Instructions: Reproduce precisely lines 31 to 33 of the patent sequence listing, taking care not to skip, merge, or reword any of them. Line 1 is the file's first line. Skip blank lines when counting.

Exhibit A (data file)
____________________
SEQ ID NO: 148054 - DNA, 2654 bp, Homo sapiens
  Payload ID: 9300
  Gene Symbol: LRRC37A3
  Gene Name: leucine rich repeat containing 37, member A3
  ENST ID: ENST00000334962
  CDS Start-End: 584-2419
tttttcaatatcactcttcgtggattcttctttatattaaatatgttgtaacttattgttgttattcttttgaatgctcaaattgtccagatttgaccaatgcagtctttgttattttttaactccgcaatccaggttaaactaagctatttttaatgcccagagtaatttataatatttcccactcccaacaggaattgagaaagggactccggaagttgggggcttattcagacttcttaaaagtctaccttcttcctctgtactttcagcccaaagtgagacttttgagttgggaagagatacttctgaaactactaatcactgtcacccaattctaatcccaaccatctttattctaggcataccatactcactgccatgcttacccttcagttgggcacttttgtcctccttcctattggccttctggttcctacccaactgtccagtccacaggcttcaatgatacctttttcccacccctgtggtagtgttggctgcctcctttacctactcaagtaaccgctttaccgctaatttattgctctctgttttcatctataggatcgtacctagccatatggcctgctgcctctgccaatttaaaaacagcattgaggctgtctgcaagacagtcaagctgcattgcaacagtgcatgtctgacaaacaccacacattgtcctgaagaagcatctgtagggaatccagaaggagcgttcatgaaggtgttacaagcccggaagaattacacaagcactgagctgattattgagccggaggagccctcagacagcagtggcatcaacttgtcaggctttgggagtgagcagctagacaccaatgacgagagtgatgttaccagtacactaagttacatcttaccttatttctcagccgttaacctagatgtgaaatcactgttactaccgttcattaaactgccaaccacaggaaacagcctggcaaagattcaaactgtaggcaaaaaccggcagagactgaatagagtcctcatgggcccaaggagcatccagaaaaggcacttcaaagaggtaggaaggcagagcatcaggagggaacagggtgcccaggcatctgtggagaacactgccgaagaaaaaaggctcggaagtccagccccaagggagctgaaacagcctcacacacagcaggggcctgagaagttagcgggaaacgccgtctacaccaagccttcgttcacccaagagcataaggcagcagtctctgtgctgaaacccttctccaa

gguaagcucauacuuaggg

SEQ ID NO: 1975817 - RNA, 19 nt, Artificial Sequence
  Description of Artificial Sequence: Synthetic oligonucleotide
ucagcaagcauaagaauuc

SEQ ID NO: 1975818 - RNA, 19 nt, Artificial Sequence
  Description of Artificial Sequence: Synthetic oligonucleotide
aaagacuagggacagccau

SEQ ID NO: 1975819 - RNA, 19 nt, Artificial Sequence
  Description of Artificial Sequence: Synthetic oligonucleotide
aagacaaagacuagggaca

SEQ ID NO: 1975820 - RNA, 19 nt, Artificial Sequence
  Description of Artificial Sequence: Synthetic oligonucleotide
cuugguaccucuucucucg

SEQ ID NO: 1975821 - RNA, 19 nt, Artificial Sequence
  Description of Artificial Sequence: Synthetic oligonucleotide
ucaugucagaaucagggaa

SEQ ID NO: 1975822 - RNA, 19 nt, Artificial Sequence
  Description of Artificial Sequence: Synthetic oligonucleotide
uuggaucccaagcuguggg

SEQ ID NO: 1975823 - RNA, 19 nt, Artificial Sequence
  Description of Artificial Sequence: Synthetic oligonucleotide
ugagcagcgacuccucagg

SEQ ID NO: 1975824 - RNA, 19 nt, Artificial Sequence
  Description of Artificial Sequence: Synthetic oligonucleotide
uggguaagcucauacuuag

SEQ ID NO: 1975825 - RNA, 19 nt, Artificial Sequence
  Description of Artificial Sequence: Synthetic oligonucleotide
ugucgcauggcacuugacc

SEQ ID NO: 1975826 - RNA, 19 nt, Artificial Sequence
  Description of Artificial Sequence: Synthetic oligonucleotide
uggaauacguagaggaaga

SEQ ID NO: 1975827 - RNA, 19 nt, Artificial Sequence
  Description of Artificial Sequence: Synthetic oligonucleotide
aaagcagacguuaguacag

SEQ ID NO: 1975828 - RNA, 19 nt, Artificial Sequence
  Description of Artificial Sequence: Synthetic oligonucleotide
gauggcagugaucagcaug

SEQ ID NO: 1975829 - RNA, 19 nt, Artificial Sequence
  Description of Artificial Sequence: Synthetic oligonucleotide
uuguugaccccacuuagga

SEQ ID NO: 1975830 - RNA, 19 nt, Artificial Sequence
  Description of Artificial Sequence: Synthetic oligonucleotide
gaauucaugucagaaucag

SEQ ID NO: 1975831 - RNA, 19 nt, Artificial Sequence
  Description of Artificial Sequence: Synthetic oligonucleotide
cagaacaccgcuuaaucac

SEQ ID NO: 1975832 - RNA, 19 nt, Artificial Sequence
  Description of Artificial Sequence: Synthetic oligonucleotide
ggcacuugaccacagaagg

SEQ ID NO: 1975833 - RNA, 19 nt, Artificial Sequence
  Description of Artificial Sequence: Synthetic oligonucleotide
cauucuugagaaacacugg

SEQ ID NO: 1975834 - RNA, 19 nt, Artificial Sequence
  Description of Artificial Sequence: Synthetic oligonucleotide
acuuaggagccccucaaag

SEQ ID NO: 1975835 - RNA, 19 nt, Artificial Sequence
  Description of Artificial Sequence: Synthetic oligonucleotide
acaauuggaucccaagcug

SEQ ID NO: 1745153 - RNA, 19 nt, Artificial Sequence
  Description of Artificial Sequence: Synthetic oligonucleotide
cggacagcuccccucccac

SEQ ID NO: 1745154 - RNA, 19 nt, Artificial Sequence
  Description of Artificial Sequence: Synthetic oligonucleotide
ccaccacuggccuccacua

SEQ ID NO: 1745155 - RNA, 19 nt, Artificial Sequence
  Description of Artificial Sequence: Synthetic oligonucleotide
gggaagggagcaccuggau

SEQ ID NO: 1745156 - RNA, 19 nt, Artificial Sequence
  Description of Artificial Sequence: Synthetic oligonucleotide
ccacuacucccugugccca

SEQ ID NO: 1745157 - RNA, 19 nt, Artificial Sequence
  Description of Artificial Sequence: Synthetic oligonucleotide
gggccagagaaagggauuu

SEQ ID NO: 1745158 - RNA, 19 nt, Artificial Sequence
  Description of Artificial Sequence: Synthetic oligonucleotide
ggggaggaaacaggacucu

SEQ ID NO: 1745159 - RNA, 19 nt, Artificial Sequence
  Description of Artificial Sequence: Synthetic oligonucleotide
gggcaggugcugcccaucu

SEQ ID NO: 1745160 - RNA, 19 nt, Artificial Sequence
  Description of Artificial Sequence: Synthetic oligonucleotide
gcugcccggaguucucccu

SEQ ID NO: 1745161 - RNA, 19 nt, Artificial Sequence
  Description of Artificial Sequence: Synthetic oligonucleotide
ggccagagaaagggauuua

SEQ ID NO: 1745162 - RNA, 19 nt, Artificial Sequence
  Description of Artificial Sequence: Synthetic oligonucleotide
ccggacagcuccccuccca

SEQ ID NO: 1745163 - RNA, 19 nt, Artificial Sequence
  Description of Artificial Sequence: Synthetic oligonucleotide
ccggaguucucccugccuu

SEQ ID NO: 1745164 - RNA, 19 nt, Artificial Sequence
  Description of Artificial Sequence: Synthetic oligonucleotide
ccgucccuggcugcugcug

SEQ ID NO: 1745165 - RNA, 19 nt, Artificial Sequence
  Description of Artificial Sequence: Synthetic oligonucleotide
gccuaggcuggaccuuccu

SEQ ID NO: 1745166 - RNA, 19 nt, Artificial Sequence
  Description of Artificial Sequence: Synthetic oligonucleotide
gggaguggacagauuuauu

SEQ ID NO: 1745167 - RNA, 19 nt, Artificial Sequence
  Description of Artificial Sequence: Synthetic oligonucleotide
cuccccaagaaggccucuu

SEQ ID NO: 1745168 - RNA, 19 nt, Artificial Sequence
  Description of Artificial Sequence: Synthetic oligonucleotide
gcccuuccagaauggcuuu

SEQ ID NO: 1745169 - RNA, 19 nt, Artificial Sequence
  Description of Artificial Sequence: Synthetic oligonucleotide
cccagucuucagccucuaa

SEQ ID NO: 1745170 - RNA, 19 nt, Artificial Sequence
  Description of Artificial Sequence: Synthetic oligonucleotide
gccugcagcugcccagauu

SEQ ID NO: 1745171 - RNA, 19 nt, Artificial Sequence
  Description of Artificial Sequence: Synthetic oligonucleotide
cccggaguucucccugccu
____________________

  Description of Artificial Sequence: Synthetic oligonucleotide
uggguaagcucauacuuag

SEQ ID NO: 1975825 - RNA, 19 nt, Artificial Sequence